A new radio-program on my favourite radio-station made me wonder whether or not it is really that bad to have created an “us” as opposed to everyone else? When is it actually problematic to have created an in-group, an “us”? The host often argued against refugees and had a rather narrow minded and sceptical view on people who are of another descent than “pure danish” – people who have mixed their original descent with the Danish culture.
I have always argued against the creation of in-groups, cliques or groups like this. I find that they tend to try to set a standard for the rest to follow, which demeans other people who does not necessarily follow the rules of such a group – back to the school milieu, so to speak. But, the thing is, that we cannot avoid creating an “us”. To be Danish is different from being Swedish or Norwegian. We create societies bound together by culture, language, politics, religion and so forth. No matter how we look at it, the way we collect and unify the different aspects of our society will stand in opposition to other societies and how they have bound the different aspects together.
Once, I was at a wedding, which to me have become the perfect example of this fact. While the groom was of Danish descent, the bride was Muslim. It was a wedding with different cultural elements, where the guests at some aspects did not know what was going on and regarding other aspects were a part of the “club” that knew! These two people getting married, was creating an “us”.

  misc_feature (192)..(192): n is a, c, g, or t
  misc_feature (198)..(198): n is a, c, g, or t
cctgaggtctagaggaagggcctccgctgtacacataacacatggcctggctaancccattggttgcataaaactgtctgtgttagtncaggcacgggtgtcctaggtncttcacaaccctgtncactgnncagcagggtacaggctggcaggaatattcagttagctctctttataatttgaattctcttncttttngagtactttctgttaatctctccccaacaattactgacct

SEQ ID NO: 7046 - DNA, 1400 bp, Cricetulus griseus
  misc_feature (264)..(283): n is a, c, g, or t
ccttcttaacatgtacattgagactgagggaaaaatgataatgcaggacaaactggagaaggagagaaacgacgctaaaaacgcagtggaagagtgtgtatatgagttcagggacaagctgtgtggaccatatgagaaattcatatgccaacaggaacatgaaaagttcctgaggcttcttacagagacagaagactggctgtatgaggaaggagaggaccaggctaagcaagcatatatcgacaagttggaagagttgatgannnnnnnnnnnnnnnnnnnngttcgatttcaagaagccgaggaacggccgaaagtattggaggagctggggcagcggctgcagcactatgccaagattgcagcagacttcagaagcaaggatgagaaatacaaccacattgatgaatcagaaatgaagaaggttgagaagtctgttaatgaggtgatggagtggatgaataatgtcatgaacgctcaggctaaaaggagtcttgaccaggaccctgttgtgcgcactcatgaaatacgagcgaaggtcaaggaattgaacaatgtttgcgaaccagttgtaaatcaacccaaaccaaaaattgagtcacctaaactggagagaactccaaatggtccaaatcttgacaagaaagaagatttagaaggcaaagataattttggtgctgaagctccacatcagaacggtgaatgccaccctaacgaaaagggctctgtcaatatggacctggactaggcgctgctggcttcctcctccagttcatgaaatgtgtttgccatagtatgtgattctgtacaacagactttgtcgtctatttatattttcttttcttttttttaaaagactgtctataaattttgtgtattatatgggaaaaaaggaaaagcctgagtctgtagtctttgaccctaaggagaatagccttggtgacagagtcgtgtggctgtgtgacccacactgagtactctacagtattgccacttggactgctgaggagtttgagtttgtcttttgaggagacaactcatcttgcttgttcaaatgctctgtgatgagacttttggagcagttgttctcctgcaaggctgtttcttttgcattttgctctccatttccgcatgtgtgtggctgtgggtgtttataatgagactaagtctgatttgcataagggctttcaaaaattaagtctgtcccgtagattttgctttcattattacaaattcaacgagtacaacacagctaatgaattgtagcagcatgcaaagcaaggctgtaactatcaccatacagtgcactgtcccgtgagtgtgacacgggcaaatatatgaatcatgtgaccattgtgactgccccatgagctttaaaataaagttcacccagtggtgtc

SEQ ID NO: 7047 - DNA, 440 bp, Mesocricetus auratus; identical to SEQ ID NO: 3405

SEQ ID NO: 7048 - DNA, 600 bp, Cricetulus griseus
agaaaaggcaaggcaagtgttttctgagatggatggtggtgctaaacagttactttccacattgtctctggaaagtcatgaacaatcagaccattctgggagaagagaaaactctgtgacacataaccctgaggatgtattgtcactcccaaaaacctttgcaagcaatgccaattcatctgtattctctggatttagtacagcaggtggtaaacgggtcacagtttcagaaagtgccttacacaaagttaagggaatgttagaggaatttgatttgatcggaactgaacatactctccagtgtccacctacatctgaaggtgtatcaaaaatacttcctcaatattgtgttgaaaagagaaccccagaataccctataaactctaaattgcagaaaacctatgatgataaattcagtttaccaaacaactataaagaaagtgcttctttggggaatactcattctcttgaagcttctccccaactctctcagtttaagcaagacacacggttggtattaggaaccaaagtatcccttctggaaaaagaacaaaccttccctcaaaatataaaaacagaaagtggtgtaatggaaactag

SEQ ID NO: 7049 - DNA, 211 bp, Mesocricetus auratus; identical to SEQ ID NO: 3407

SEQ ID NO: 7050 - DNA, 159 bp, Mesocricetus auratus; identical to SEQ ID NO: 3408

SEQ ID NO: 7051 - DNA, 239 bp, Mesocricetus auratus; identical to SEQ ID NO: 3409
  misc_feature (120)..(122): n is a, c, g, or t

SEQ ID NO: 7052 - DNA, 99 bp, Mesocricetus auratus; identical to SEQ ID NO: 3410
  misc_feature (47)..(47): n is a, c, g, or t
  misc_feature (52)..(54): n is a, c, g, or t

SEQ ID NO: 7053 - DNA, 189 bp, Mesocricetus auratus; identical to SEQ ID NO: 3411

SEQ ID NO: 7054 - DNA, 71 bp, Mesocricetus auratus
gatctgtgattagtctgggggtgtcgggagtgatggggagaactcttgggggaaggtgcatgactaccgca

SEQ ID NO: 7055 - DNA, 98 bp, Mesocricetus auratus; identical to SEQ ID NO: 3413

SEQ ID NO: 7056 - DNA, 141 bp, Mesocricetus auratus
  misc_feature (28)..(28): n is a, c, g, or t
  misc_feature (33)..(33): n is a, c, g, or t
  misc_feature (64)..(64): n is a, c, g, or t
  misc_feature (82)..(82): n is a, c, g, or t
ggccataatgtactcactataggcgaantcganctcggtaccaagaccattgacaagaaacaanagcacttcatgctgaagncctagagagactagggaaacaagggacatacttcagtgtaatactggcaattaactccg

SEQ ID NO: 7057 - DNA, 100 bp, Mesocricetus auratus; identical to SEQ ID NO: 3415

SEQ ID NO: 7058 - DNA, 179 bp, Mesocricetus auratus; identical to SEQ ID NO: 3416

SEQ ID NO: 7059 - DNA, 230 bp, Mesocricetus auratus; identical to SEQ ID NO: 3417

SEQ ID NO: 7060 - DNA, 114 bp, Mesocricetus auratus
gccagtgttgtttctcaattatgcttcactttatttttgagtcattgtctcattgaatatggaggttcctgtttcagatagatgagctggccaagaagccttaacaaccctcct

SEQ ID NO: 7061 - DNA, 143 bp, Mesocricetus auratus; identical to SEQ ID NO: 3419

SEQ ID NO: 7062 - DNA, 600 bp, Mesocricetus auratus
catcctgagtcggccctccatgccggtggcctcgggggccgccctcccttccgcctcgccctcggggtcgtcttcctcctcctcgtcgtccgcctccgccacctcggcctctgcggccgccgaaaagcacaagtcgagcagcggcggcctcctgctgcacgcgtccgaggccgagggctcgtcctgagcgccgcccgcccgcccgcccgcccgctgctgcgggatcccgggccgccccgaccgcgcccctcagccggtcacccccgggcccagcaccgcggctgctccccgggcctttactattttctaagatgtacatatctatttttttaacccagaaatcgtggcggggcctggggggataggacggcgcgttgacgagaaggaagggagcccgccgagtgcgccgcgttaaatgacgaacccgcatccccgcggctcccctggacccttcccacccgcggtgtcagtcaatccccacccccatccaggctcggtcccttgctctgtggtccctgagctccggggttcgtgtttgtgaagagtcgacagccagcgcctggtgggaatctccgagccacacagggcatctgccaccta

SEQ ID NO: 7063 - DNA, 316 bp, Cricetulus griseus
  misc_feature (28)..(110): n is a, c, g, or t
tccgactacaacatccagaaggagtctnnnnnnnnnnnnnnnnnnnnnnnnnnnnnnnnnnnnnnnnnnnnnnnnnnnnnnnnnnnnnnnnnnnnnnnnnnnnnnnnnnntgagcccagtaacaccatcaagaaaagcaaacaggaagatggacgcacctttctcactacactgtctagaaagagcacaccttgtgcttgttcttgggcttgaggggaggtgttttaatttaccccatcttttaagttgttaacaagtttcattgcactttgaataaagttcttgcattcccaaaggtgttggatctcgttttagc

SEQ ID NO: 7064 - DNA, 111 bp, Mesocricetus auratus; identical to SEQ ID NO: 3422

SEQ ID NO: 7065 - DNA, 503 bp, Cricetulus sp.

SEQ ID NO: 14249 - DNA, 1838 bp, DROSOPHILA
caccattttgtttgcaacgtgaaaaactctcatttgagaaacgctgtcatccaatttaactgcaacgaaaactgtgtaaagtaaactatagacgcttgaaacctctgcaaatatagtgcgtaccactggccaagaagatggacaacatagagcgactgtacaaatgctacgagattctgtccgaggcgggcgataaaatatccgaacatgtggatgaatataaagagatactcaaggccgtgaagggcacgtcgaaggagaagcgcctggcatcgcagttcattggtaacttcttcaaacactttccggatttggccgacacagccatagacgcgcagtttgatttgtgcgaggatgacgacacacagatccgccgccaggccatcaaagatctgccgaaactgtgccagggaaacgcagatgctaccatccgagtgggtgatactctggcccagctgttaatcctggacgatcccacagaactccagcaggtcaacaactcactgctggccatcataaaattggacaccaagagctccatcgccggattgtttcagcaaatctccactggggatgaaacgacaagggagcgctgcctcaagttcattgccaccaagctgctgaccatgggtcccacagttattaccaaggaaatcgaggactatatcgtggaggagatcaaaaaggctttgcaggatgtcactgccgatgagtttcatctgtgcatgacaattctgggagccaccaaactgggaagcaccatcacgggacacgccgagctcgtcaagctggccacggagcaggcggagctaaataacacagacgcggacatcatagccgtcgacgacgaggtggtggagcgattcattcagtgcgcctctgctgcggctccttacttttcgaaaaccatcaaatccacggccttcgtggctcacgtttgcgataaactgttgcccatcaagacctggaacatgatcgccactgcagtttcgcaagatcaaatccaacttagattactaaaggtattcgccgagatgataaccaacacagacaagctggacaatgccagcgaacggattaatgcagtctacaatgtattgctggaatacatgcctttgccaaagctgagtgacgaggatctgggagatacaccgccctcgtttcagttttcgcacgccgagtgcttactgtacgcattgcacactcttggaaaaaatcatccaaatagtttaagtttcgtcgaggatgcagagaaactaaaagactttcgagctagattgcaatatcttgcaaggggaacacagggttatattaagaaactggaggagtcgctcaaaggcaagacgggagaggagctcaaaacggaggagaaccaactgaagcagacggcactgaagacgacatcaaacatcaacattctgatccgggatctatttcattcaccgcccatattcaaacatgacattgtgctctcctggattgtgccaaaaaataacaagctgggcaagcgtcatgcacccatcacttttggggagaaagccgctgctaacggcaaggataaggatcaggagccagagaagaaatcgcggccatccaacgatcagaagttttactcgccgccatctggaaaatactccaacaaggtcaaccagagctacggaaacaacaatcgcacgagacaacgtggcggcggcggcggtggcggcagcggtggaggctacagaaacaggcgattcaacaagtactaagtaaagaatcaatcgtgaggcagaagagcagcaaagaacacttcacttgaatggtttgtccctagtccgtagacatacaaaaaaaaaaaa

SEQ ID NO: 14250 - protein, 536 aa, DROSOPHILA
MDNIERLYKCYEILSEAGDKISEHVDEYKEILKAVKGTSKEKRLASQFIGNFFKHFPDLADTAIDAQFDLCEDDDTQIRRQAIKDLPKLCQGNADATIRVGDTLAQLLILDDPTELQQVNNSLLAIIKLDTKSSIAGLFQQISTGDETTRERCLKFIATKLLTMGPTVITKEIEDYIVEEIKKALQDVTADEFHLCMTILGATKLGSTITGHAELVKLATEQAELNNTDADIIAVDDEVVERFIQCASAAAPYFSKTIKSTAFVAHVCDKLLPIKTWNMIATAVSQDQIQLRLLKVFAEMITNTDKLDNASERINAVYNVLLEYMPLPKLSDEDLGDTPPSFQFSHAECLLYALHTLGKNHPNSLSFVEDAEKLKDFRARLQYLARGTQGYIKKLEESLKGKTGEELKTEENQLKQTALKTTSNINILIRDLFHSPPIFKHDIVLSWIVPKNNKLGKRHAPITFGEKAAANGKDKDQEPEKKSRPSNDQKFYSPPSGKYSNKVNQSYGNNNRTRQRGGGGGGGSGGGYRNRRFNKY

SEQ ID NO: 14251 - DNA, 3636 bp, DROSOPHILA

To me, the difference is whether a society compares itself with another in a demeaning way. Thus, creating an “us” as opposed to “them”. The fact that we have different cultures, comes from different societies, does not mean that we cannot behave and be polite towards one another. It does not mean that we in Denmark cannot help the refugees that flows into the country. It does not mean that we cannot help those people who suffer from war, by help recreating and reconquer their, “us”. In the end, everyone deserves to be a part of an “us”.
The problem with this constellation is when “us” and “them” becomes “us” versus “them”. When different groups compares, there may in some situations be created an unhealthy environment where one group presents itself as superior compared to the other.
Being a fellow citizen is not just about being apart of a group, but accepting the differences between the different groups living in and outside one’s society. Being a part of one group is not the problem – we all are apart of specific groups, whether we like it or not. The problem is when one group finds themselves superior towards another group.